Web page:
After 27 years working with England's Royal Shakespeare Company and some of the greatest directors and actors ever to bring Shakespeare to the stage, Maurice Daniels has chosen to spend his retirement directing plays at colleges around the United States.
"I certainly wouldn't want to work in the commercial theater," says Daniels, 70. What he enjoys about college theater is "the commitment, the openness of the students, the trust that we generate amongst ourselves, and their energy.
"And their talent, which, you know, varies, of course," he adds.
Daniels recognizes that students have neither the time nor the training professionals bring to the stage. "I have to make allowances," he says. "But at the same time, I don't make so many allowances that I'm not going to push them. I'm going to really drive them because, as actors, that's what they are going to have to get used to."
Daniels is currently driving Catholic University students, whom he is directing in Shakespeare's "Love's Labour's Lost," which opens tonight and runs through March 9 at the Hartke Theatre.
Last year he directed CU's "The Taming of the Shrew," which, he "very immodestly" says, went "extremely well." That success encouraged him to continue directing college Shakespeare productions.
"I know they can do it," he says, in his proper English accent. "Having worked with American students doing workshops on Shakespeare, having done 'Shrew,' I know that their energy, which is very particular to American students, can be focused into dealing with the Shakespeare text."
It's midday, and the theater is empty but for a few students working on the stage set. Daniels sits back, smokes and takes a few minutes to talk about his lifelong interest in theater: "It's an extraordinary genetic thing, in a way. In my family there were four daughters, three sons. All three sons had leanings towards theater. Father hated it."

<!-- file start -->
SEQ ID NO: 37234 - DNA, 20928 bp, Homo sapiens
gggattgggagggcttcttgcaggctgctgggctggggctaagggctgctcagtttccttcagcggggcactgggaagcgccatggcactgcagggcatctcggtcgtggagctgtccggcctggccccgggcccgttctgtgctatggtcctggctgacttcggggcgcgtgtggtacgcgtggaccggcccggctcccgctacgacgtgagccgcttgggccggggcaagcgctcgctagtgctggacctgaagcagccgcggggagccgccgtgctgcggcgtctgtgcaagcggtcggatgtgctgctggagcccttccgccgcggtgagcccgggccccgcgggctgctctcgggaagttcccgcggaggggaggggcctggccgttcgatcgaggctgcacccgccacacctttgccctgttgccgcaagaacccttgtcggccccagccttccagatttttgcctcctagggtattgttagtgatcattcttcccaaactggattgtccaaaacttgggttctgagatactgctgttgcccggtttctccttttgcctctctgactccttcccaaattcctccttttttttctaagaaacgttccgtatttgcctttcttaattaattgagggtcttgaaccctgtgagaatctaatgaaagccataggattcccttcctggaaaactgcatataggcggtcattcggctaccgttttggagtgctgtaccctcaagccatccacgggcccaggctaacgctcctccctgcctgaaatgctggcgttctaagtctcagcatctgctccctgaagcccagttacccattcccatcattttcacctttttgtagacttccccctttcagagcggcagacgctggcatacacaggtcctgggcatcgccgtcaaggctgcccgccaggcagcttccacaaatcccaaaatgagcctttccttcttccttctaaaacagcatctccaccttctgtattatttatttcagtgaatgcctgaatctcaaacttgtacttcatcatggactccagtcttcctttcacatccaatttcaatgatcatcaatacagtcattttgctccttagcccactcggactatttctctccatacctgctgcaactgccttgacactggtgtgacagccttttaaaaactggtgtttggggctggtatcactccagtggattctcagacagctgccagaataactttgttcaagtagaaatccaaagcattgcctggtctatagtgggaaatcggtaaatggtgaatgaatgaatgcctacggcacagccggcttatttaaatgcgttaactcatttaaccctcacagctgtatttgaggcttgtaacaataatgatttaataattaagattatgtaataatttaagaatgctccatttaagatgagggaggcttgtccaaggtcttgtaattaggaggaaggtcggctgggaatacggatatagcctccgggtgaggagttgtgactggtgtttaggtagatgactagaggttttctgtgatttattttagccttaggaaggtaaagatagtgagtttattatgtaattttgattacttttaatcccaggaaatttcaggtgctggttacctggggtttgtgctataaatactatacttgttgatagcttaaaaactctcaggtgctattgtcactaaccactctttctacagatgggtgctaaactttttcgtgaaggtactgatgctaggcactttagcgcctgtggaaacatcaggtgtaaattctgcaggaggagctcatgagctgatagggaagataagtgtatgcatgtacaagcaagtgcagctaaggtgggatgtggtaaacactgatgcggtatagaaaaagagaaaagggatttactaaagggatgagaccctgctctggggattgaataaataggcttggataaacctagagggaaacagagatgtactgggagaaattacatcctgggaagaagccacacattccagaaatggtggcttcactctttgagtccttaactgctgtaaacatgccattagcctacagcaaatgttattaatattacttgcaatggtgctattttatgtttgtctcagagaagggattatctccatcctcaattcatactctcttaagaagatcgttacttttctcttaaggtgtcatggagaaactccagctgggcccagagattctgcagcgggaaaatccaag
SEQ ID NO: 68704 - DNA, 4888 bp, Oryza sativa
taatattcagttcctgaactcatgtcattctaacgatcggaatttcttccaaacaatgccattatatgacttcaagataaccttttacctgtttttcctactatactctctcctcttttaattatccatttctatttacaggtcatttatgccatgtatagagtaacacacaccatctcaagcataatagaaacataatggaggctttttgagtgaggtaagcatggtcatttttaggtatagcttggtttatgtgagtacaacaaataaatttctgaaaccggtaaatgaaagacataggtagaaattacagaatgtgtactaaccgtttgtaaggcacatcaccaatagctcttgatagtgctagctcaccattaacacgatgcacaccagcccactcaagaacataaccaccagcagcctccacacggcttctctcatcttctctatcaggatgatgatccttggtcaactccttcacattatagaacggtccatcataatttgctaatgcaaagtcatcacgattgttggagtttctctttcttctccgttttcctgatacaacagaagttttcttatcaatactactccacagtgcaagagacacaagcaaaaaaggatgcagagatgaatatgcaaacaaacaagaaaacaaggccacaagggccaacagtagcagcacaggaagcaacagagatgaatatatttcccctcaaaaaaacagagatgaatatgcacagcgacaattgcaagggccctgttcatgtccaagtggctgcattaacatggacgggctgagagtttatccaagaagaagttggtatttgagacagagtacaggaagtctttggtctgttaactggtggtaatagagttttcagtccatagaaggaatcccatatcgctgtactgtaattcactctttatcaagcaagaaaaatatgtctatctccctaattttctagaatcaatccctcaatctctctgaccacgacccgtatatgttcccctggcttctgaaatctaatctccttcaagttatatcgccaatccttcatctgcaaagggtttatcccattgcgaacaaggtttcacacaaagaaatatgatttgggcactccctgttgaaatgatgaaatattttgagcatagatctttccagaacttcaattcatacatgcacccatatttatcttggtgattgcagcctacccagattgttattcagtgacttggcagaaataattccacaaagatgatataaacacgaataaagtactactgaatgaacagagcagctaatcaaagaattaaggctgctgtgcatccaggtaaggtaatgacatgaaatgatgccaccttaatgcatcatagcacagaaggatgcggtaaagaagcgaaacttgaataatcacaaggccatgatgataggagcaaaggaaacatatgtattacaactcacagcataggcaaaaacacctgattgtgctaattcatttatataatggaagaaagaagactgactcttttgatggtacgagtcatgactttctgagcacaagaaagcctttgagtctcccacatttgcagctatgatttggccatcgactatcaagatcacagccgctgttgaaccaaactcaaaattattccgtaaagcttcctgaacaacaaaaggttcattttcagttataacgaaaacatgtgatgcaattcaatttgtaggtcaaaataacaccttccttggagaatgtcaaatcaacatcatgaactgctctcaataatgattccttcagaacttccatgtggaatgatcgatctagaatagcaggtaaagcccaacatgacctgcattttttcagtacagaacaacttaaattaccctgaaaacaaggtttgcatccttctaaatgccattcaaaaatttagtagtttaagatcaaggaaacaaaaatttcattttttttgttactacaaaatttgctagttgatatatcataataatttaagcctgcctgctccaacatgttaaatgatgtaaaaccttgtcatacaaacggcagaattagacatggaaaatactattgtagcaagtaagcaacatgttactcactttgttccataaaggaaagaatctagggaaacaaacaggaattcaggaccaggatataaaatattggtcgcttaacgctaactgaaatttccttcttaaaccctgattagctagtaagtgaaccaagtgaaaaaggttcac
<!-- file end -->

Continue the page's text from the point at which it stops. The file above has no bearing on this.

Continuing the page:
Throughout his years at the Royal Shakespeare Company (RSC), Daniels worked in many capacities, first as a stage director, then as casting director, planning controller and assistant director.
"I was an actor for eight years before I became a stage manager," he says. He left acting "because I realized I would never be as good an actor as I wanted to be."
"I'd gone into the theater late, at about 30, having been in the family business for about 10 years," he says. "My father traded with Africa and I was in Africa for about nine years. But I didn't let go of theater even while I was there, and some friends and I worked with young Africans, directing them in plays."
That was at a mission in what is now Zaire, he says. A few of the Africans spoke French, so Daniels and his friends first tried a Molie re play. It was "kind of stilted," he says.
"And then a very bright-thinking holy father said, 'Why don't you do a folk story?' And we said, 'But there are no scripts.' He said, 'You don't need a script, they'll make it up.' And so we did a folk story with them improvising, and we then shaped scenes and it was very exciting."
Daniels' last position with the RSC helped prepare him for his work in academia. He headed a program in which RSC artistic personnel worked with students, trying to bridge the gap between the academic study of Shakespeare and Shakespeare the playwright:
"So that university students, high school children, could see that text that they'd pore over -- you know, to pass their grades, to get a degree -- they could see it being used for the purpose for which Shakespeare wrote it -- to be performed."
Daniels says he spends about three months of the year in the United States directing, lecturing and conducting workshops. From Washington, he goes to the University of South Florida in Tampa. "Then I go home and collapse."
After a half-hour break, the students call to Daniels for advice on lighting, and he turns back to his work. As Shakespeare himself said, the play's the thing.